Working Remotely

Study Case

I Work Remotely

Working Remote with Secure Connection & Fixing, Exploiting Vulnurabilities
Across the globe, estimates suggest that over 50% of employees now work remotely at least once a week. And while the rate varies in different countries – 65% of people work remotely 2.5 days or more a week in China, while just 46.3% do so in the UK, for example – it’s a phenomenon that’s continually evolving and transforming the way we work.

What is working remotely?

What exactly do we mean by working remotely? Working from home is often used synonymously with remote work, but it’s a practice that’s broader than that. While some people may be working from their kitchen tables or home workspaces, others are setting up in coffee shops or working alongside other people, at least part of the time, in co-working spaces or libraries.

For frontline workers like us, remote working means mobile working/ seamless working out from the workplace. We log in when we’re out in the field, whether that’s a train, a café or a hotel room. Some of us may be simply adopting remote working elements, like videoconferencing with teams in other countries, while in their workplaces.

Working remotely and coronavirus (COVID-19)

This en masse remote working presents significant challenges for organizations, and some have resisted implementing work from home policies. Even companies that already have people working remotely will likely find technology like internal email servers and VPNs stretched by the numbers using them. Those managers used to handling just a small percentage of the workforce working remotely will also face challenges in terms of oversight and communication. And these issues are hugely magnified for organizations with no experience of people working remotely before now.

  • Security.
  • Premises.
  • Equipment.
  • Remote working schedules.

But coronavirus may be speeding up a process that would have happened in any case. And it may well be that after the pandemic is over, things won’t just go back to ‘normal.’ Those millions of first-time remote workers have now had a taste of life without the daily commute, or flying thousands of miles to attend face-to-face meetings.

“Work-life balance and flexible working was a concept that was brought to the fore as more millennials entered the workforce. With the widespread mandatory implementation of remote working, we can now expect policies that promote more flexibility and balance will be the preference of almost all people in the workforce.”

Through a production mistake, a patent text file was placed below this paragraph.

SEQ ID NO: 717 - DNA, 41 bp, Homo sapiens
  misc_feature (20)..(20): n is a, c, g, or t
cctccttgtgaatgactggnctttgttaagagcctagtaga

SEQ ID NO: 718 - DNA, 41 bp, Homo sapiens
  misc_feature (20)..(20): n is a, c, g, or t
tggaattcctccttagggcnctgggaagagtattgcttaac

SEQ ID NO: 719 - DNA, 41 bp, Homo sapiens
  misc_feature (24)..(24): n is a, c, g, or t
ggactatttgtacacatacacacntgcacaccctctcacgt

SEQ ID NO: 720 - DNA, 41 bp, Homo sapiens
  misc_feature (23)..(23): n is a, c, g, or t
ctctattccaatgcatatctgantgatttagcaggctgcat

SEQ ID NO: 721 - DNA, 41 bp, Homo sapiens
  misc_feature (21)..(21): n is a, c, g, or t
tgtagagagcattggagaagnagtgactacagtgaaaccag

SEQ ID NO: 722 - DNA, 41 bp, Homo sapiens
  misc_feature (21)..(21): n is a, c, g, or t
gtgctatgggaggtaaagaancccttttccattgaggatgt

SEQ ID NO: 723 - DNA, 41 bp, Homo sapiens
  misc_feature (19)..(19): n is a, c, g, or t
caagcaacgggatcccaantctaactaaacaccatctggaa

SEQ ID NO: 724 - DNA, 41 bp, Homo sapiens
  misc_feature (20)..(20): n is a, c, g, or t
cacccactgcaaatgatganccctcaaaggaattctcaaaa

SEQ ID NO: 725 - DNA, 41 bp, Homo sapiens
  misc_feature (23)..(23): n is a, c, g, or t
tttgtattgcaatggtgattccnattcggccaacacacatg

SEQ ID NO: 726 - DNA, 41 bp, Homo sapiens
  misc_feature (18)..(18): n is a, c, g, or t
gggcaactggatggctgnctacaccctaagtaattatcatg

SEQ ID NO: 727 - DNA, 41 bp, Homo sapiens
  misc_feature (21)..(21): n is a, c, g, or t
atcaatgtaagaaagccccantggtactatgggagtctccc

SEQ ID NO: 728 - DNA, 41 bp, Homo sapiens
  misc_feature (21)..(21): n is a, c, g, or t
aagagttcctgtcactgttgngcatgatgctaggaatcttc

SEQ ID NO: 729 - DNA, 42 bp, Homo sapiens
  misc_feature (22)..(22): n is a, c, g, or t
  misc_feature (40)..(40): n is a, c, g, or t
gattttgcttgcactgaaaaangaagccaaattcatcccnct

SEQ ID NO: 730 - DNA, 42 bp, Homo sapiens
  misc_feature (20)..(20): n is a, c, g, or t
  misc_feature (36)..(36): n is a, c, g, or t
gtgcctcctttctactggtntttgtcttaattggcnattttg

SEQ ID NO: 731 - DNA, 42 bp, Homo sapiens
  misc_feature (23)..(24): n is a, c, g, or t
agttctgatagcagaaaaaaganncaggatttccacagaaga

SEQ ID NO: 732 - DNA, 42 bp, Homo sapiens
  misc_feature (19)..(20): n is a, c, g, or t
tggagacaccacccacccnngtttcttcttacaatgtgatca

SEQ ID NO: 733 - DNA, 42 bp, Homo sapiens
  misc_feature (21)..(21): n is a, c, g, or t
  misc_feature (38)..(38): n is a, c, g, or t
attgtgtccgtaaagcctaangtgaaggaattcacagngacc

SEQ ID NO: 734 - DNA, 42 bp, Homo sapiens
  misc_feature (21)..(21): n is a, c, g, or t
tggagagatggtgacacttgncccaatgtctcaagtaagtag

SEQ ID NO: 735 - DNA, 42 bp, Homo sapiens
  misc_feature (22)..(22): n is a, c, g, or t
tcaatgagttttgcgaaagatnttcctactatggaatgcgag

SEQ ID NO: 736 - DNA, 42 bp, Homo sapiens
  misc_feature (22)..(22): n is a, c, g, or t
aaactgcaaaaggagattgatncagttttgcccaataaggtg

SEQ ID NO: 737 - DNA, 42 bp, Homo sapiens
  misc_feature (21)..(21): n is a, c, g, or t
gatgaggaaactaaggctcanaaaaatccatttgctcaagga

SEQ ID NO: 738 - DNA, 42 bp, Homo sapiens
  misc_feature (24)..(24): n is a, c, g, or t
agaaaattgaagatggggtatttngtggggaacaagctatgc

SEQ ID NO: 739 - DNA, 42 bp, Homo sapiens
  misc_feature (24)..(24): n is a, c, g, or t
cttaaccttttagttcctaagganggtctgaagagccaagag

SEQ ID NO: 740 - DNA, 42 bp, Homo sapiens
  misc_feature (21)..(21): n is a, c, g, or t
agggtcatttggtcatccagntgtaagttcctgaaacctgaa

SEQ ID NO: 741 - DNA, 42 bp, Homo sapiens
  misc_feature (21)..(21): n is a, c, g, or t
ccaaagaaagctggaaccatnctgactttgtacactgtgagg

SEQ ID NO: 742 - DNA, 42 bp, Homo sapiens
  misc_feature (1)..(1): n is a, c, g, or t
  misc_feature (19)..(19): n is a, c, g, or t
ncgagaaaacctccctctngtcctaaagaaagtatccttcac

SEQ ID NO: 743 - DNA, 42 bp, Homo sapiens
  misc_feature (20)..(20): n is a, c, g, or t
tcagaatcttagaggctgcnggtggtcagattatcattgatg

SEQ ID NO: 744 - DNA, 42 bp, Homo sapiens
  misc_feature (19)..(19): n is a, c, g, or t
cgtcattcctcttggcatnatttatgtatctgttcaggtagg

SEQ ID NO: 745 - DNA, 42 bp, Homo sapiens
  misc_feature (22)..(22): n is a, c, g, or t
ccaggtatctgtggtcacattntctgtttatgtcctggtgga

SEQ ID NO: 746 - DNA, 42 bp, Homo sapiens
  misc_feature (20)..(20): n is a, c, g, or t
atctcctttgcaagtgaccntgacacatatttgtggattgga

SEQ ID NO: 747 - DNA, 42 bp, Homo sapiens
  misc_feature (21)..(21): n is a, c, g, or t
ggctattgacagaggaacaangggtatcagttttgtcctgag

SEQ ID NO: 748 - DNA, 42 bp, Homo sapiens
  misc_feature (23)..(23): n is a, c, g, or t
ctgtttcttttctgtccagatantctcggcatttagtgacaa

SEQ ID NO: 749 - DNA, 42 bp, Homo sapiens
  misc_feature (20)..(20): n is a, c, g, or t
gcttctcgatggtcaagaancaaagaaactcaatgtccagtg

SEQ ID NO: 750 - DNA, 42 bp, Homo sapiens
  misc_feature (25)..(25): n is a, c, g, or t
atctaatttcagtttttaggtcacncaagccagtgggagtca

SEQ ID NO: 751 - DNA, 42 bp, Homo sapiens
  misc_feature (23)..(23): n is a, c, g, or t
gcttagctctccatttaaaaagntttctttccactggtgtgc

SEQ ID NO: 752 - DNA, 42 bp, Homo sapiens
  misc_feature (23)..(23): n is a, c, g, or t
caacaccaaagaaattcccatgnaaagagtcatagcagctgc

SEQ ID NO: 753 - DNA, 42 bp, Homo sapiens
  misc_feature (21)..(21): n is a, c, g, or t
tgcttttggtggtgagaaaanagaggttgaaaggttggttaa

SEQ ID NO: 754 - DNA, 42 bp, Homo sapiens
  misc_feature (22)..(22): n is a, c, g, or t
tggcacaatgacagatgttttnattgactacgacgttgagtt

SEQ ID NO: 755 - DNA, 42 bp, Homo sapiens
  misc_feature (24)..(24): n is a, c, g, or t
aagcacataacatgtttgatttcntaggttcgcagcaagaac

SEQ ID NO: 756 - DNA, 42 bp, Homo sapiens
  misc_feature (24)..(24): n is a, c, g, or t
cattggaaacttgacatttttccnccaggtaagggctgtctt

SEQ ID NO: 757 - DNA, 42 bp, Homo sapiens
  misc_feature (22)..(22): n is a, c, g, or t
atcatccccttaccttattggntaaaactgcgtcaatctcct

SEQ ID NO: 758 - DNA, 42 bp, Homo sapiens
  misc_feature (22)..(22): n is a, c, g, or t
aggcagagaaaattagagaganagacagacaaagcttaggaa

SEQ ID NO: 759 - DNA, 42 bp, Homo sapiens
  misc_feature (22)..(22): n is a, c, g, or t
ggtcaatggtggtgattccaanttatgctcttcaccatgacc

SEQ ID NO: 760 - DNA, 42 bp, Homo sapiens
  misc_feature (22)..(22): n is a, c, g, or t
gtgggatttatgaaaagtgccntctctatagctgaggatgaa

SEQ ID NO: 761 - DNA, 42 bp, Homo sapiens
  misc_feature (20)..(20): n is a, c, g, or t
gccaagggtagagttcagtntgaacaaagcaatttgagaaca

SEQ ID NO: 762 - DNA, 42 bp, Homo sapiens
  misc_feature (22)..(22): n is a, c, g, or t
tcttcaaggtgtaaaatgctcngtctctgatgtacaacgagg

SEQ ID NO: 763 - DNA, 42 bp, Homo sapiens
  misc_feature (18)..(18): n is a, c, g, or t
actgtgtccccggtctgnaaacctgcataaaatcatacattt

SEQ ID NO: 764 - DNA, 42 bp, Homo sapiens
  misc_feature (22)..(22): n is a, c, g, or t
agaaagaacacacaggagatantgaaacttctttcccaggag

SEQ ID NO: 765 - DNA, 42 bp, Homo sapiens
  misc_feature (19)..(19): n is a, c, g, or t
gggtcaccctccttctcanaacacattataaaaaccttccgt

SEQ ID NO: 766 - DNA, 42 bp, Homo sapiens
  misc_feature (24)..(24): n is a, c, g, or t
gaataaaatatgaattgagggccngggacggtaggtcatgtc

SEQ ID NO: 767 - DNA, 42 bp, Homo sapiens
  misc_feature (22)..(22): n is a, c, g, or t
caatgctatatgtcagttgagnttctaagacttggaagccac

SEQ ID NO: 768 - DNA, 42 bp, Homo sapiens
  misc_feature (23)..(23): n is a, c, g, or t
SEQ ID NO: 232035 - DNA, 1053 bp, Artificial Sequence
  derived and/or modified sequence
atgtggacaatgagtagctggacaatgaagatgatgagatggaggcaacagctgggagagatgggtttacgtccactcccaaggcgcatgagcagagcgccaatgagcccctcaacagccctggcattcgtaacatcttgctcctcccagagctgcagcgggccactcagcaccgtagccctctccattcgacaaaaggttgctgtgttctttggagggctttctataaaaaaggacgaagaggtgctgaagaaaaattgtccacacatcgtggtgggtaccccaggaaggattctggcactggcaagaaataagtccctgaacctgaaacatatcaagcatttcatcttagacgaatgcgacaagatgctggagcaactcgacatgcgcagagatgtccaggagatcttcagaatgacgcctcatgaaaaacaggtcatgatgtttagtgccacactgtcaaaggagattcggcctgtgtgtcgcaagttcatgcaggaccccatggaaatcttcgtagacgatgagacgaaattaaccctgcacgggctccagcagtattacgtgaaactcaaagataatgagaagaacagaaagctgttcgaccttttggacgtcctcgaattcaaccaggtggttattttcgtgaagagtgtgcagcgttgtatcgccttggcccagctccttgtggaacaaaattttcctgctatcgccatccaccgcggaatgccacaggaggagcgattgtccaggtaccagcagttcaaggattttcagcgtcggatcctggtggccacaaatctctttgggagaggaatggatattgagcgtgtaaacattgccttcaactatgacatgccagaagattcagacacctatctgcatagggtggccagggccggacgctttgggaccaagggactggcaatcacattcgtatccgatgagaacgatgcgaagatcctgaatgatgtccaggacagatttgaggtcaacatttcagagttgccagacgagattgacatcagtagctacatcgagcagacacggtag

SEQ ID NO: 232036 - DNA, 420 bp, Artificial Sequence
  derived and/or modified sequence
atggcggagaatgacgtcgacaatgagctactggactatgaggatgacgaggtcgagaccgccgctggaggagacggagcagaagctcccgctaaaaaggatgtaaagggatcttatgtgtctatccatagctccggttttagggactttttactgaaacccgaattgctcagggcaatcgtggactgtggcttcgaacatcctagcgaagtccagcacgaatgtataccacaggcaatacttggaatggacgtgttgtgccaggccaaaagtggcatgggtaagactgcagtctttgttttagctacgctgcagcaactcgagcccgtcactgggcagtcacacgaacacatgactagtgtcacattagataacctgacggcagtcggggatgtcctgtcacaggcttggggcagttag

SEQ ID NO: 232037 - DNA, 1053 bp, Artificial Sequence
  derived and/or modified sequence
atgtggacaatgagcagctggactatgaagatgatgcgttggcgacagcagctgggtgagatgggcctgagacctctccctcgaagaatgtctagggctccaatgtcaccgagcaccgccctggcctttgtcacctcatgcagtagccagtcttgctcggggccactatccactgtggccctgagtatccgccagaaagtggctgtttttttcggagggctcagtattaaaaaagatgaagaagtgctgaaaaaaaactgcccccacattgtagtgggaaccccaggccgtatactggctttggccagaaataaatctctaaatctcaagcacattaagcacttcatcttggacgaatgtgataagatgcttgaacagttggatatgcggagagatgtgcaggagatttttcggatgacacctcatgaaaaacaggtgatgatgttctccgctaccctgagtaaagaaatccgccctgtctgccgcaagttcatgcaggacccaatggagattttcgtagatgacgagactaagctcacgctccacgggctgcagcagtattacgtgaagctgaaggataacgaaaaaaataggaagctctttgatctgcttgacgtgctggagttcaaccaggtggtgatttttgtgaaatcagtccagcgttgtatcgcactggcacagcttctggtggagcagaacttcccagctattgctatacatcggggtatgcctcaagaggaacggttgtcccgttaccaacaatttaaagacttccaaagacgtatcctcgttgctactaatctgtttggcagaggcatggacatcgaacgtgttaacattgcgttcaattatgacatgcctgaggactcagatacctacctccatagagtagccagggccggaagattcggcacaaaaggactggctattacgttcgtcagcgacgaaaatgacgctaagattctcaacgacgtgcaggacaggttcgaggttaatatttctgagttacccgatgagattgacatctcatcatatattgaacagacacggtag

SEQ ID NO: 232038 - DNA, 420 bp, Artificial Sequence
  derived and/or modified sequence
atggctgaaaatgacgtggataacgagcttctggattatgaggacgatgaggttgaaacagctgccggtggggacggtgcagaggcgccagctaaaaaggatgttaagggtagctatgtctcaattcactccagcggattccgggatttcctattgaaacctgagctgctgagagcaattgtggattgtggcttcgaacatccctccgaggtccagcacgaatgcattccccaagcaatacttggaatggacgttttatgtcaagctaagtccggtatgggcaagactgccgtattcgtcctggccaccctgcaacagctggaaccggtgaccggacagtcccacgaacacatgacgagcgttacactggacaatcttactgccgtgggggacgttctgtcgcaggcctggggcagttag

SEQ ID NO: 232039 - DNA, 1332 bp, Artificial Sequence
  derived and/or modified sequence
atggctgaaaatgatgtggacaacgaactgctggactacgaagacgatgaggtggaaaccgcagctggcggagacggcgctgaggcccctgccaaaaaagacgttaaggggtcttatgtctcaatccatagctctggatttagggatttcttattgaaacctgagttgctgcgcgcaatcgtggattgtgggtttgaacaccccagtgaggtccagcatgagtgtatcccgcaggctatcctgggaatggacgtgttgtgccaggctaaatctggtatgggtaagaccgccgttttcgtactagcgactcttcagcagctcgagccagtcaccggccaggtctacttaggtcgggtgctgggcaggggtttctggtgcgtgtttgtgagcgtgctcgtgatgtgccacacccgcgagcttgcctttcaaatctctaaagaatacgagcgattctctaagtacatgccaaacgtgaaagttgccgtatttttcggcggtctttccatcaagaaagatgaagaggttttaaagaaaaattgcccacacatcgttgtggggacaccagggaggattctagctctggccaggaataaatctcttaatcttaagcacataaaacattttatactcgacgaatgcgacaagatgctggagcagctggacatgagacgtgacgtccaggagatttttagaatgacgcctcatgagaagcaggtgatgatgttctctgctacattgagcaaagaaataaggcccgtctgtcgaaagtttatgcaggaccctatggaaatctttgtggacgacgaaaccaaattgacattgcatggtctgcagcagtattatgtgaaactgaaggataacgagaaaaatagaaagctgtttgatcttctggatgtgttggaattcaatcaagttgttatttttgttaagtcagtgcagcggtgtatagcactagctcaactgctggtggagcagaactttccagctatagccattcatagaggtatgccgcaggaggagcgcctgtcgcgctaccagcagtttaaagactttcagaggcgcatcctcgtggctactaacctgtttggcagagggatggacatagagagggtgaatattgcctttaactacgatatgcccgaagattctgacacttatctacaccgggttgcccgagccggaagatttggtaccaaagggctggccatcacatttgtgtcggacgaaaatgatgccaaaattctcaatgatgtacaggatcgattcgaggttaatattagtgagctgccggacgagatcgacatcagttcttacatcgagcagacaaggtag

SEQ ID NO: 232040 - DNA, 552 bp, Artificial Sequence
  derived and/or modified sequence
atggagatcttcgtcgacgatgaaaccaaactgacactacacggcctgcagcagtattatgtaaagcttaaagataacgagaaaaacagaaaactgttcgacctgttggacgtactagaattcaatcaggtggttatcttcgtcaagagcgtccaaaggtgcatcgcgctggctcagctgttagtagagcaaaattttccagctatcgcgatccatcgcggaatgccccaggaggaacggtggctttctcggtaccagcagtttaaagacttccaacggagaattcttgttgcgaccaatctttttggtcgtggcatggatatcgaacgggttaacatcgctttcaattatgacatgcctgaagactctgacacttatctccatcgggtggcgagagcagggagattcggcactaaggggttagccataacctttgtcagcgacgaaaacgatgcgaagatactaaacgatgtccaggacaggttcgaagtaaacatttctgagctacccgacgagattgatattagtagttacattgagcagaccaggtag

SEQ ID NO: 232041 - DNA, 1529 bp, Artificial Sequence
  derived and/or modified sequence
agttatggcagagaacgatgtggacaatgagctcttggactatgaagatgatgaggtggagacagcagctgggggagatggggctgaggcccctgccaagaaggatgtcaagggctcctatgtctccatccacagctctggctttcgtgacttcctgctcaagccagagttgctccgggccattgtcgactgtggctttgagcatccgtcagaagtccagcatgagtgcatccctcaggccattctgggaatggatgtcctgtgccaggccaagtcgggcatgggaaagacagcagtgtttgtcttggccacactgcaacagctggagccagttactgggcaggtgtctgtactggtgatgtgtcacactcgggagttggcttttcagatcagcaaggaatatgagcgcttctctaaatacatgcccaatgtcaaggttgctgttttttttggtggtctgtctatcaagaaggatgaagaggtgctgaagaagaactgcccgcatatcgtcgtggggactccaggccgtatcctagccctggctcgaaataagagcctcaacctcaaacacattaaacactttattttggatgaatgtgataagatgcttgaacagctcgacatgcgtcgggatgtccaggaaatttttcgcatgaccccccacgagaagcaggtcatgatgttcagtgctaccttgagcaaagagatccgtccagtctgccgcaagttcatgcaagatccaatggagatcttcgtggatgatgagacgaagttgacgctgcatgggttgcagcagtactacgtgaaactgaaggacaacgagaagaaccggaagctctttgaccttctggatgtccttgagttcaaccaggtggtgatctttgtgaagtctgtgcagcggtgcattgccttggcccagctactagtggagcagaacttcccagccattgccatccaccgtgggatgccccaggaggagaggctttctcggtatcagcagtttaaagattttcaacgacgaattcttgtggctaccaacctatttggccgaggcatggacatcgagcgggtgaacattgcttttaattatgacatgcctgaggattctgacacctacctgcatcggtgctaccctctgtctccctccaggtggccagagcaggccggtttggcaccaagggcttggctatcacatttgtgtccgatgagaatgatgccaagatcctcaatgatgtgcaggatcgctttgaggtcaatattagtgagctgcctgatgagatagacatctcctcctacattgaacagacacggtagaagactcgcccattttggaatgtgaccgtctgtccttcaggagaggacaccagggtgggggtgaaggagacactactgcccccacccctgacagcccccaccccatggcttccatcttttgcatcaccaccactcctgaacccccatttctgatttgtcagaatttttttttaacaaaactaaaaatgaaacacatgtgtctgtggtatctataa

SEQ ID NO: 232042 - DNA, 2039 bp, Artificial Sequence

Working remotely – wherever you do it – is here to stay, and it’s getting more popular than ever. Because it’s what people want to do, and the technology is there to help us do it well.

The benefits of working from home

Companies that are suspicious of remote working worry it will lead to a drop in productivity and make communication and oversight more difficult.This is where trust between a manager and individuals comes into play. It is important to note that trust needs to build up, and that takes a little bit of time.

The coronavirus pandemic has shown the importance of being able to work remotely. If people can carry out their tasks from home or another location, businesses can continue to function even if something happens to their premises or people are, for whatever reason, unable to come into work.Remote working is inextricably linked to flexible working. Even if people don’t have more choice over the hours they work, the lack of commute gives them back extra hours. This flexibility is particularly attractive to Millennials, who will make up about 75% of the global workforce by 2025. Research shows that having the option to work from home is the top priority for this group. And that means it needs to be a priority with companies that want to attract them.

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It’s easy for remote workers to feel out on a limb. Without being able to pick up information by merely being around their colleagues, they can end up feeling detached from both the organization and the wider team.

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